Mental filter: You pick out a single negative detail and dwell on it exclusively so that your vision of all reality becomes darkened, like the drop of ink that discolors the entire beaker of water.

Disqualifying the positive: You reject positive experiences by insisting they "don't count" for some reason or other. You maintain a negative belief that is contradicted by your everyday experiences.

Jumping to conclusions: You make a negative interpretation even though there are no definite facts that convincingly support your conclusion.

Mind reading: You arbitrarily conclude that someone is reacting negatively to you and don't bother to check it out.

The Fortune Teller Error: You anticipate that things will turn out badly and feel convinced that your prediction is an already-established fact.

Magnification (catastrophizing) or minimization: You exaggerate the importance of things (such as your goof-up or someone else's achievement), or you inappropriately shrink things until they appear tiny (your own desirable qualities or the other fellow's imperfections). This is also called the "binocular trick."

Emotional reasoning: You assume that your negative emotions necessarily reflect the way things really are: "I feel it, therefore it must be true."

Should statements: You try to motivate yourself with shoulds and shouldn'ts, as if you had to be whipped and punished before you could be expected to do anything. "Musts" and "oughts" are also offenders. The emotional consequence is guilt. When you direct should statements toward others, you feel anger, frustration, and resentment.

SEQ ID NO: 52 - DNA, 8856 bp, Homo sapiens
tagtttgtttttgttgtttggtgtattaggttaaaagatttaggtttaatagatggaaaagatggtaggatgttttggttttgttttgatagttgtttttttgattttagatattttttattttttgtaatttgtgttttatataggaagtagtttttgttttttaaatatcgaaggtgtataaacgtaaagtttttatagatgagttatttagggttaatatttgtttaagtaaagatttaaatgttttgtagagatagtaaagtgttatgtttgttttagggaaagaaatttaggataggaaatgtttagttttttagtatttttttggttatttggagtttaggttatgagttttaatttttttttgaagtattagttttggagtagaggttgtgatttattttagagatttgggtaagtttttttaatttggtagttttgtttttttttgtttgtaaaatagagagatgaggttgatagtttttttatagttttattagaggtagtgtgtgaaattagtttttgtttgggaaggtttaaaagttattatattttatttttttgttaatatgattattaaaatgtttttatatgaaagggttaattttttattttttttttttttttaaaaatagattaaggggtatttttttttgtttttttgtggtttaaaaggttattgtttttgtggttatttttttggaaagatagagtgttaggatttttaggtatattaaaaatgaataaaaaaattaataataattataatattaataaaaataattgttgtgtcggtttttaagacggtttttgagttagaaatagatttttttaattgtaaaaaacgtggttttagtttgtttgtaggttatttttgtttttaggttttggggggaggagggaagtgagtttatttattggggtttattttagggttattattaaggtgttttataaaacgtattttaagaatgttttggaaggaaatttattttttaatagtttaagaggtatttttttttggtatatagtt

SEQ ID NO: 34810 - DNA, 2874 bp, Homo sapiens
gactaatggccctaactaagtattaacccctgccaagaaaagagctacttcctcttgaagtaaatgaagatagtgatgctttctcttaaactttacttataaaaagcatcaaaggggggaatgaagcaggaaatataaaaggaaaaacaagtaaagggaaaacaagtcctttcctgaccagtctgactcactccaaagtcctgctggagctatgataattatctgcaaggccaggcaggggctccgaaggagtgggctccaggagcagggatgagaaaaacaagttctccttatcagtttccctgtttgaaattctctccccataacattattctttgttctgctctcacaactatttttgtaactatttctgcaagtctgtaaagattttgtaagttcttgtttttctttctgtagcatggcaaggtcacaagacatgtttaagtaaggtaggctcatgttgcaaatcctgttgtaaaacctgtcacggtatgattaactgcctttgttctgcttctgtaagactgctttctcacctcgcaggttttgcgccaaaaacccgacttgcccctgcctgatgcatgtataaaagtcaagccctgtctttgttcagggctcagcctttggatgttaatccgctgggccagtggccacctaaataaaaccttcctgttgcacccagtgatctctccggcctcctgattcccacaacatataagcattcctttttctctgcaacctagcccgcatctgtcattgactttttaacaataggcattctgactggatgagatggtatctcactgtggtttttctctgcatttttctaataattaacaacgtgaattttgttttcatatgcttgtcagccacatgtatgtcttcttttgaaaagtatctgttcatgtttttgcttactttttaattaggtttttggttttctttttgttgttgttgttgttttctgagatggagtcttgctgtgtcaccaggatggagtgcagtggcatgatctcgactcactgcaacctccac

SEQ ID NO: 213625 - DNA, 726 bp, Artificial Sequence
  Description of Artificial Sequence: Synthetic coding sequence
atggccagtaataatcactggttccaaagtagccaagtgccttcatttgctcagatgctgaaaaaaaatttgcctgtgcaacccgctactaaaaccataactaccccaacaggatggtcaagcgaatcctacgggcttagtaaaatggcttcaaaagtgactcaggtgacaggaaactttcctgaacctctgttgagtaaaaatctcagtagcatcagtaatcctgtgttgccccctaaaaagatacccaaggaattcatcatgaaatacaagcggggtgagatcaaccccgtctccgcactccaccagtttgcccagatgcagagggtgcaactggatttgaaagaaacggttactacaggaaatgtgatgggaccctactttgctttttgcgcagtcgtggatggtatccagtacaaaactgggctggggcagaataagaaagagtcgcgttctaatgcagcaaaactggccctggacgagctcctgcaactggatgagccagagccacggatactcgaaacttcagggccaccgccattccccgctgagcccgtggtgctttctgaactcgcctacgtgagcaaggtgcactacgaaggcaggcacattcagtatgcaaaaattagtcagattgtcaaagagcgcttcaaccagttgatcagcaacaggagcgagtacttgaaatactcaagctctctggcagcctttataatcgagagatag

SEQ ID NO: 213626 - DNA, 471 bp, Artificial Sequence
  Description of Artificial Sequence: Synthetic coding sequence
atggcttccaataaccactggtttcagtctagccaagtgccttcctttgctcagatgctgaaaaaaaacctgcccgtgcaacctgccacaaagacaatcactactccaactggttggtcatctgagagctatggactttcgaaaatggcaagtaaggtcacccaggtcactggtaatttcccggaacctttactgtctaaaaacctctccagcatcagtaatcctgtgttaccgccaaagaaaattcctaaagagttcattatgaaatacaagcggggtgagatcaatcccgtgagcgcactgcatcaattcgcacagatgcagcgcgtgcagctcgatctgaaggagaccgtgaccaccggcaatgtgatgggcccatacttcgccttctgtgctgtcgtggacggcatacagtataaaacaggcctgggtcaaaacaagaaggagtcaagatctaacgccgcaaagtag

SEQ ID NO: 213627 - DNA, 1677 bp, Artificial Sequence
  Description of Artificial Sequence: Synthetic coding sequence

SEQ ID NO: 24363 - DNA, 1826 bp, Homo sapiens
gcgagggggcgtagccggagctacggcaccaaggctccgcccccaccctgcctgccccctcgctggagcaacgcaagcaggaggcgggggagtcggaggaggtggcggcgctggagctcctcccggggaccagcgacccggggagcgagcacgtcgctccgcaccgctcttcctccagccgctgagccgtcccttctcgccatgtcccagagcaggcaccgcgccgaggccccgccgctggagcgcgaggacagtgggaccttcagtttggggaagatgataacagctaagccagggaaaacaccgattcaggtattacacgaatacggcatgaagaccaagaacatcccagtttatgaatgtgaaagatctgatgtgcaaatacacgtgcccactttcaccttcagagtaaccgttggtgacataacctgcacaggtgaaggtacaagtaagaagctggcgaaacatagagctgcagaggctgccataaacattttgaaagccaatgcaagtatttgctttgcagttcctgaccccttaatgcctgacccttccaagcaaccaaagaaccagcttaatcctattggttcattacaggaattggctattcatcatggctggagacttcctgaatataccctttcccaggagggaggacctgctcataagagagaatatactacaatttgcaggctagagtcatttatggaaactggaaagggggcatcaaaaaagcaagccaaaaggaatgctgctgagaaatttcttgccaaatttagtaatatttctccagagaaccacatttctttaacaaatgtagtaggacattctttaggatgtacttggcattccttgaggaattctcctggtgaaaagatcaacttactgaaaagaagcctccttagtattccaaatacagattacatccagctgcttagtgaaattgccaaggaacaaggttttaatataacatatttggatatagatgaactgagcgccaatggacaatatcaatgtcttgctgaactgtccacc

Labeling and mislabeling: This is an extreme form of overgeneralization. Instead of describing your error, you attach a negative label to yourself: "I'm a loser." When someone else's behavior rubs you the wrong way, you attach a negative label to him, "He's a louse." Mislabeling involves describing an event with language that is highly colored and emotionally loaded.

Personalization: You see yourself as the cause of some negative external event for which, in fact, you were not primarily responsible.

2 comments:

multicolouredsmartypants.com said...

I can relate. Also I know my dear boy struggles with a lot of those things that are on the list, too. His anxiety can be overwhelming at times. It certainly teaches me the meaning of patience and gentleness! My middle child tells lies, as you describe, and I do worry about it. I will show her this list and maybe it will help her, with prayer. I will continue praying for you and your lovely family and yes, a HOUSE FULL OF LOVE is the greatest blessing! Thank you, Jesus for the wonderful, healing gift of love.

Christine said...

I've met kids over the years who tell tall tales but it's not chronic and usually not covering something up. The two kids in the neighborhood I worry about both tell them chronically, and some are far from harmless tall tales. So, there are probably different reasons kids do this, and I doubt if your middle child's are anything to worry about.

Thank you for your prayers, Sandy. I wish you a very Merry Christmas, friend!